The Piecewise Practice Planner will help you make meaningful progress every time you practice, even with as little as 5 minutes per practice session.

Best of all, it’s completely FREE–to opt in, click the button below!

Create a Practice Habit

Calendar
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For many people, this is the most difficult aspect of learning an instrument, but it’s also the most important.

In order to make steady progress, it makes sense that you also need to practice on a regular basis. The practice plan you write down should help you do this. It will also take a fair amount of discipline to make sure you keep coming back, day in and day out.

One trick to make this easier is try to make sure your daily assignments aren’t too much, as I mentioned above. Practicing every day for even 10-15 minutes is better than practicing for an hour or more just once a week.

Like any habit, you’re the most likely to succeed if you to try to practice at the same time each day, ideally with another daily habit triggering it.

For example, you could practice each morning while you sip your coffee, or each evening right after dinner.

Practice Mindfully

Man meditating

Many people simply play through the piece they’re working on a few times and call it good. This is probably one of the most inefficient ways to practice out there.

Not only are you wasting time repeating the parts you already know, but you’re not spending enough time working on the parts you don’t know, and are quite possibly making them worse by practicing the same mistakes over and over again.

If you are playing all the way through a piece, be sure to stay mentally present the whole time. Make note of any sections that need additional work. Also try to anticipate places where you’ve made mistakes in the past. Then do your best to avoid making them again lest you form a bad habit.

Pay Attention to Your Body

Woman flexing
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If you pay attention to how your body feels every time you practice, your progress and technique will improve tremendously.

Soon I’ll publish a post about how to play with good technique, which will have steps for you to follow. It’s important to play with good technique each time you practice until it becomes second nature.

Playing with good technique not only makes the way you sound better, it makes everything easier to play as well. Why wouldn’t you want that??

You can also vary the way you play something each time in order to get even more out of your practice.

Take Breaks

Coffee mug that says break on it
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This is one of my favorite aspects of practice: Sometimes, you can accomplish more by not playing than by playing.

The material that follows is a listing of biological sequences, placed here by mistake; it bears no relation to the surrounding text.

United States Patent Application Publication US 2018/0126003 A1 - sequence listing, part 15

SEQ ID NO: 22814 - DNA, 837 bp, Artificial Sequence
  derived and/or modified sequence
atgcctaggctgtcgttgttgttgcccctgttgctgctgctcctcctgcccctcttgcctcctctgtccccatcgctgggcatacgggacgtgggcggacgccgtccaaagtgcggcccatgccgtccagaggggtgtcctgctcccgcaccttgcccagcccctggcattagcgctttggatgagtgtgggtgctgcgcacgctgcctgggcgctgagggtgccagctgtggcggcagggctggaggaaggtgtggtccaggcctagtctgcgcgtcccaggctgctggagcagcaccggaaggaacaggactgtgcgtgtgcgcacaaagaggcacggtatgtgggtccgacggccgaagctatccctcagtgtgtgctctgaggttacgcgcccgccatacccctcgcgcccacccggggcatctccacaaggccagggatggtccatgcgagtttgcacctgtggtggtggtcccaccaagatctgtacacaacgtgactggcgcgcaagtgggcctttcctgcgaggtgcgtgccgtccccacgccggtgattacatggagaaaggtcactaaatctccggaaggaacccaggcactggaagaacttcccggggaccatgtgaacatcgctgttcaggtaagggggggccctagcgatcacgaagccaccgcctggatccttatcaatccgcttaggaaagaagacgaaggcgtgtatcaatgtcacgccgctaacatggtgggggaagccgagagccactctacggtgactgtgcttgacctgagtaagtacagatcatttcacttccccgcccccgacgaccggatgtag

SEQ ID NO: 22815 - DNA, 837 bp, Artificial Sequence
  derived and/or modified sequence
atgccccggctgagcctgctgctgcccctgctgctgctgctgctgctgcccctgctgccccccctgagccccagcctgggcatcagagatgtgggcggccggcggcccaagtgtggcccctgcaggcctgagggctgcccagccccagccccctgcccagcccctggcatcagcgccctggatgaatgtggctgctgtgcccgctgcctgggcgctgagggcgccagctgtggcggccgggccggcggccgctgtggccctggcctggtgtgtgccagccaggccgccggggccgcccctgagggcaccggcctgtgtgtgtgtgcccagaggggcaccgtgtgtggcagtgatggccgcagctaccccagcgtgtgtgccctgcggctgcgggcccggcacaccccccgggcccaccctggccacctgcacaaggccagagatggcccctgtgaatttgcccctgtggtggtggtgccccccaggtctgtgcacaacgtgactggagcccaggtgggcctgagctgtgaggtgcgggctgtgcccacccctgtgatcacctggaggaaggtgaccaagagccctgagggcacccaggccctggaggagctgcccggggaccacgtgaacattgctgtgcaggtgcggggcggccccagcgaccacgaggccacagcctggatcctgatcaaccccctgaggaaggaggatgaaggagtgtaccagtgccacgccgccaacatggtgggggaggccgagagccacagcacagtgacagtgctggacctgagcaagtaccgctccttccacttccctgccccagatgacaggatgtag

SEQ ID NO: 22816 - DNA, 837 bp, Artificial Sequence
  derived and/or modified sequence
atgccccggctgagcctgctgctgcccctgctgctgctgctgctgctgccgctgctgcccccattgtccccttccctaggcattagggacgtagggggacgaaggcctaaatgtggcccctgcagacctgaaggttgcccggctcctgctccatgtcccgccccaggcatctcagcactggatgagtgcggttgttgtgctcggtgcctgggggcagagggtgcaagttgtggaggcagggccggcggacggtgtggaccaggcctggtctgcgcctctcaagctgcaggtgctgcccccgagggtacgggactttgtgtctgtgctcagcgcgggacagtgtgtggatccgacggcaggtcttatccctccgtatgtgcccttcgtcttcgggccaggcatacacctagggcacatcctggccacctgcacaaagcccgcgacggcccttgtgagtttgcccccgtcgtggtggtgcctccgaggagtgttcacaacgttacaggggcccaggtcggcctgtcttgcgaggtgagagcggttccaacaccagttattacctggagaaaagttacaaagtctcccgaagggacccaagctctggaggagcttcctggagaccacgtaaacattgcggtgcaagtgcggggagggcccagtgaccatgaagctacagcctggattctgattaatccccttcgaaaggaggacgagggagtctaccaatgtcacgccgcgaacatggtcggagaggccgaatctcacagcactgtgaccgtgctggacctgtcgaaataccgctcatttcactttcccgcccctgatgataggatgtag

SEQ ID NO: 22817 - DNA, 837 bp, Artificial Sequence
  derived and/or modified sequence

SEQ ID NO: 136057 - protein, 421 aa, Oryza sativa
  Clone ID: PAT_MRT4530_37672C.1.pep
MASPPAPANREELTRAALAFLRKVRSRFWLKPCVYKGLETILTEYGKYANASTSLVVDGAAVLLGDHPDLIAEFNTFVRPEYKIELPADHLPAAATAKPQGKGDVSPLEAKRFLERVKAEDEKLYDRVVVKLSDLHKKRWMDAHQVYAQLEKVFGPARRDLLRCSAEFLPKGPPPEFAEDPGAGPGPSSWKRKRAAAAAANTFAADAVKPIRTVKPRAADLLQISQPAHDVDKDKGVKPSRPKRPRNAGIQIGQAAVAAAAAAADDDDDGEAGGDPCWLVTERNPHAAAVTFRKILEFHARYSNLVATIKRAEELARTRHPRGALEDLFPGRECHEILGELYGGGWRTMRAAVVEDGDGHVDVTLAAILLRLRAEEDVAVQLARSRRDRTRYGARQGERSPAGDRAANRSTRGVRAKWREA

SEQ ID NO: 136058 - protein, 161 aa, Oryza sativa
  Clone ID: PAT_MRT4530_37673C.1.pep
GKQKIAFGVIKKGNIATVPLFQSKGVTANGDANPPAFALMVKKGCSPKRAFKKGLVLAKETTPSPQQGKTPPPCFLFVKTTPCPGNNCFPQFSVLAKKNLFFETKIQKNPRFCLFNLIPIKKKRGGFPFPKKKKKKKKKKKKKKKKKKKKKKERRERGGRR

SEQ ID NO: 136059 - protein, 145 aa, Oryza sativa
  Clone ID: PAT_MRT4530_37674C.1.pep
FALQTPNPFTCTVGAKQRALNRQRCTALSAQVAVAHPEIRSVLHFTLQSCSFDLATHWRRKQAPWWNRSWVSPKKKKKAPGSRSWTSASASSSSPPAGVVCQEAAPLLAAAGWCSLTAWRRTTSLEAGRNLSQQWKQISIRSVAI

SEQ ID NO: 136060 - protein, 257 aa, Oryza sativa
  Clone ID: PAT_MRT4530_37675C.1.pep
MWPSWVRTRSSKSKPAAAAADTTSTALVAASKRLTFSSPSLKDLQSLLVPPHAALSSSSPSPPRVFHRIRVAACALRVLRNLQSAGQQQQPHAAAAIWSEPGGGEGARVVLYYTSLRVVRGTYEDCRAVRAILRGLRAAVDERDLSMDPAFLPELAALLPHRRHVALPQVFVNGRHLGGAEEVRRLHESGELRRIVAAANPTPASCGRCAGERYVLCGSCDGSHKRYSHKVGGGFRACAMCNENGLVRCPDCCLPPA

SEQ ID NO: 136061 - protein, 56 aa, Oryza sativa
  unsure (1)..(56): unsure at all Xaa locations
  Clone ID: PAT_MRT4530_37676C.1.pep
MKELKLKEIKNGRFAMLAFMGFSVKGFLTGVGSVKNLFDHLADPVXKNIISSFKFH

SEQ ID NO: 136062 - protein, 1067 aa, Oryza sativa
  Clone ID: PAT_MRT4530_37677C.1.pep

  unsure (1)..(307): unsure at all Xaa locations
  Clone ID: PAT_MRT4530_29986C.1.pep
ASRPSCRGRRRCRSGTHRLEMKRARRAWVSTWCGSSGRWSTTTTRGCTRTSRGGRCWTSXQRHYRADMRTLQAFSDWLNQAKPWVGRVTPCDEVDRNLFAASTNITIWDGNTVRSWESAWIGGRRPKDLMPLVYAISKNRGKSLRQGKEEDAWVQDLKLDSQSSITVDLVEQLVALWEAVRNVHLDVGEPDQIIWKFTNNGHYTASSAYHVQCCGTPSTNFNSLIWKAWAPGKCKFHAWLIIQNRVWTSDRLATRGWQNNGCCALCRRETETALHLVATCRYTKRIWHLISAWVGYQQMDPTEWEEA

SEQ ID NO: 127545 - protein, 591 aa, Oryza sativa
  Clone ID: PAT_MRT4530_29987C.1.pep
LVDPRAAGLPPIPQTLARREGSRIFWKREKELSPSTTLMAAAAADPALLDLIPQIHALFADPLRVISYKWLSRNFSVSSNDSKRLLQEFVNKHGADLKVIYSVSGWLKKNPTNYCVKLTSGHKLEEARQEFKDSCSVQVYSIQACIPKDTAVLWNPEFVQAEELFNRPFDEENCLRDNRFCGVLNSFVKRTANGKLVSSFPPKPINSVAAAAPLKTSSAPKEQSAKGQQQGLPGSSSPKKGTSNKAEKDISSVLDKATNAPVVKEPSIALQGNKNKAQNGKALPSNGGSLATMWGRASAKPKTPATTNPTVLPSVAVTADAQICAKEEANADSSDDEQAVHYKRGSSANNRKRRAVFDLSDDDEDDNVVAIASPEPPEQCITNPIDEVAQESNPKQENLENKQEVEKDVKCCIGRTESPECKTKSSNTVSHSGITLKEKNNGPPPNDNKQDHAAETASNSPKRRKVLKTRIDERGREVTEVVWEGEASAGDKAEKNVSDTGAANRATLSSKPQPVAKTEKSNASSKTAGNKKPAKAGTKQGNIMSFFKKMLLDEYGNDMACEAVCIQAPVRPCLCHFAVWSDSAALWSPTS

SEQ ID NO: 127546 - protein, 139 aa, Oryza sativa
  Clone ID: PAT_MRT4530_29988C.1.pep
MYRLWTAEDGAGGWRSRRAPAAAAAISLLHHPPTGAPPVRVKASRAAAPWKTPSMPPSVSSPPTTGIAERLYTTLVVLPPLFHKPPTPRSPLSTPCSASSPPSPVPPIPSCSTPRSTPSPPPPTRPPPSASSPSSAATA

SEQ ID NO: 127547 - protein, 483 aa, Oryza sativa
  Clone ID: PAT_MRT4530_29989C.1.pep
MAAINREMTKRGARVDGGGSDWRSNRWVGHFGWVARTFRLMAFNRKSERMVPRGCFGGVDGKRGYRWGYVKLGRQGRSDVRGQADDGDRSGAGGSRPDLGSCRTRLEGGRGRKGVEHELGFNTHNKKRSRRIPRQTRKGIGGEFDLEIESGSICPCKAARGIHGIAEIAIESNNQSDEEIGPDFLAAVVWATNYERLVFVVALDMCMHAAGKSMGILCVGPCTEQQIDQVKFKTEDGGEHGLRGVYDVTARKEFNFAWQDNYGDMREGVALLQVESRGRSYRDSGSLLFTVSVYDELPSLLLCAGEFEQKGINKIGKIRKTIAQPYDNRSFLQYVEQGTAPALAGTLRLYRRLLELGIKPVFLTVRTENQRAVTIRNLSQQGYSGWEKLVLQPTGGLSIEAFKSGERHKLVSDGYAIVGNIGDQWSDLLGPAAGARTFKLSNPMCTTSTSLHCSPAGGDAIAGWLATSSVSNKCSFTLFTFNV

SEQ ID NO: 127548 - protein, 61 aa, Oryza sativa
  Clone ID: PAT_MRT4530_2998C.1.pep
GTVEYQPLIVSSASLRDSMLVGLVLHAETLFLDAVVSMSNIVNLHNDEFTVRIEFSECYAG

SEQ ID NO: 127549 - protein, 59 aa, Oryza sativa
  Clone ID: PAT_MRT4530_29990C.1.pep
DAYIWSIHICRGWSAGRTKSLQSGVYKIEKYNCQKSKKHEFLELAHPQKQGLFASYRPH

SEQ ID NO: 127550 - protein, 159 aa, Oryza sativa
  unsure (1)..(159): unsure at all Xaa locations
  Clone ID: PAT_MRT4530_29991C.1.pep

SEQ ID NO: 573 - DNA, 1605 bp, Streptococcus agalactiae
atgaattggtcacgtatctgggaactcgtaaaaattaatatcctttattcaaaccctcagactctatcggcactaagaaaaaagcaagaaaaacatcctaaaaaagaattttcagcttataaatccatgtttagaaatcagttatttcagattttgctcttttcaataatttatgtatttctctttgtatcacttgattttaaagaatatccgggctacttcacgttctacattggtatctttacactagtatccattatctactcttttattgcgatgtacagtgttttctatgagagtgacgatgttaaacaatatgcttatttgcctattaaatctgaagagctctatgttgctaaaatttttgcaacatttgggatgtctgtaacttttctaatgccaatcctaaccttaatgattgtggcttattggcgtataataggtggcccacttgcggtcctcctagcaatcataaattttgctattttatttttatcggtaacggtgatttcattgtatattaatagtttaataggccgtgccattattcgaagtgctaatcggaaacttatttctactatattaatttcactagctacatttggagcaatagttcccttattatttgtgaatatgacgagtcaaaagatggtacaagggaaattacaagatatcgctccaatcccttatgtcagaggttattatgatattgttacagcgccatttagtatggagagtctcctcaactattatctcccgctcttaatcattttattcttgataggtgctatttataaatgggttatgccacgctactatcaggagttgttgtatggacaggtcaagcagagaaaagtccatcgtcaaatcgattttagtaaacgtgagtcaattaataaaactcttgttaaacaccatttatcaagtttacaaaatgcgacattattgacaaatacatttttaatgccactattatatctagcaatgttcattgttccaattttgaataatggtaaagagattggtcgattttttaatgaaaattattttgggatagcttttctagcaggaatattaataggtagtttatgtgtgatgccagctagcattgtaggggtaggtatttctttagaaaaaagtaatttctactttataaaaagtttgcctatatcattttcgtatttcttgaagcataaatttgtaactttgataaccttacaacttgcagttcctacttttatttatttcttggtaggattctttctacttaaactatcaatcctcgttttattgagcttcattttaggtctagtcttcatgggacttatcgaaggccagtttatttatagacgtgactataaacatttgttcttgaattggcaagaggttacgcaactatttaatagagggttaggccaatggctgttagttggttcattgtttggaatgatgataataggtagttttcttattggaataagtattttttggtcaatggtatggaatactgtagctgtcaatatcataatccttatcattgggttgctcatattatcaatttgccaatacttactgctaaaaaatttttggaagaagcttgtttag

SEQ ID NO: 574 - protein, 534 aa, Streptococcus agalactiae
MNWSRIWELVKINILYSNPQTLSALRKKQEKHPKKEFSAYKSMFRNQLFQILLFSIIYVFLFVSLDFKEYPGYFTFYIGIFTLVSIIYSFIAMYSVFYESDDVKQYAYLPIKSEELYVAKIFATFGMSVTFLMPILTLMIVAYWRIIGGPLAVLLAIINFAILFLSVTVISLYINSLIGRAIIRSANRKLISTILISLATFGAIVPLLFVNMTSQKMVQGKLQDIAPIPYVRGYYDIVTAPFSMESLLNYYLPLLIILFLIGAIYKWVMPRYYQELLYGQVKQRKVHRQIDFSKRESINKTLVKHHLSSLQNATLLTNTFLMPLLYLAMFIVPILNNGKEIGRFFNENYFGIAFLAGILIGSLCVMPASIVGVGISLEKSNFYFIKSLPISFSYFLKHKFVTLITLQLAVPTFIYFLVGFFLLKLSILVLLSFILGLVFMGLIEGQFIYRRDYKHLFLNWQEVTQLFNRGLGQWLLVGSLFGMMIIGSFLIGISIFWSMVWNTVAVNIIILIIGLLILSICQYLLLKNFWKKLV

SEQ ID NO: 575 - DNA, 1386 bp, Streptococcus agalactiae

If you’ve been practicing diligently for awhile and are finding yourself struggling or becoming frustrated, allow yourself to take a few days off. Sometimes our frustration blocks us from making progress. If we allow that to subside and come back to the piece after some relaxation, our playing can often be magically better!

Similarly, if there’s a specific piece you’re working on and you just can’t get it right, do what my childhood piano teacher used to call “Putting the piece to bed.” This means just set the piece aside for a while–Maybe a month, maybe a few months. Work on something else instead.

When you come back to the piece, you’ll probably be a better player from whatever else you were working on. This piece will suddenly feel much easier than before!

Note: Don’t set the piece aside for two long as it will be hard to get it back if you’ve completely forgotten how to play it!

Be Kind to Yourself

Hands making the shape of a heart

Sometimes, learning something new can be frustrating. Perhaps you’re not making progress as quickly as you’d like, or you can’t seem to get your tempo beyond a certain point. Perhaps someone else you know was able to learn the same piece twice as quickly as you were.

Remember that this is not a contest, and that any progress is still progress. As with many things, it is definitely true with music that often slow and steady wins the race. If this is an issue for you, you may like to read my post, When Practice Doesn’t Go Well.

If you keep creating tiny daily goals and accomplishing them, you’ll be amazed at the strides you will end up making! If you still need help making the perfect practice plan, be sure to check out the Piecewise Practice Planner I made–It’s free!

Good luck and Happy Practicing!


Heidi has been involved in music in one way or another for most of her life. She studied music composition in college, has taught piano, voice, composition, ear training, and guitar, and has worked as a piano tuner and technician. Before the pandemic she loved playing concerts at retirement communities, bringing the joy of music to those populations. She is currently working on learning more about the connection between music and healing.

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2 thoughts on “How to Practice Piano Efficiently”

  1. I love the planning and organizing to be intentional about learning piano. Already organizing my own book.
    thank you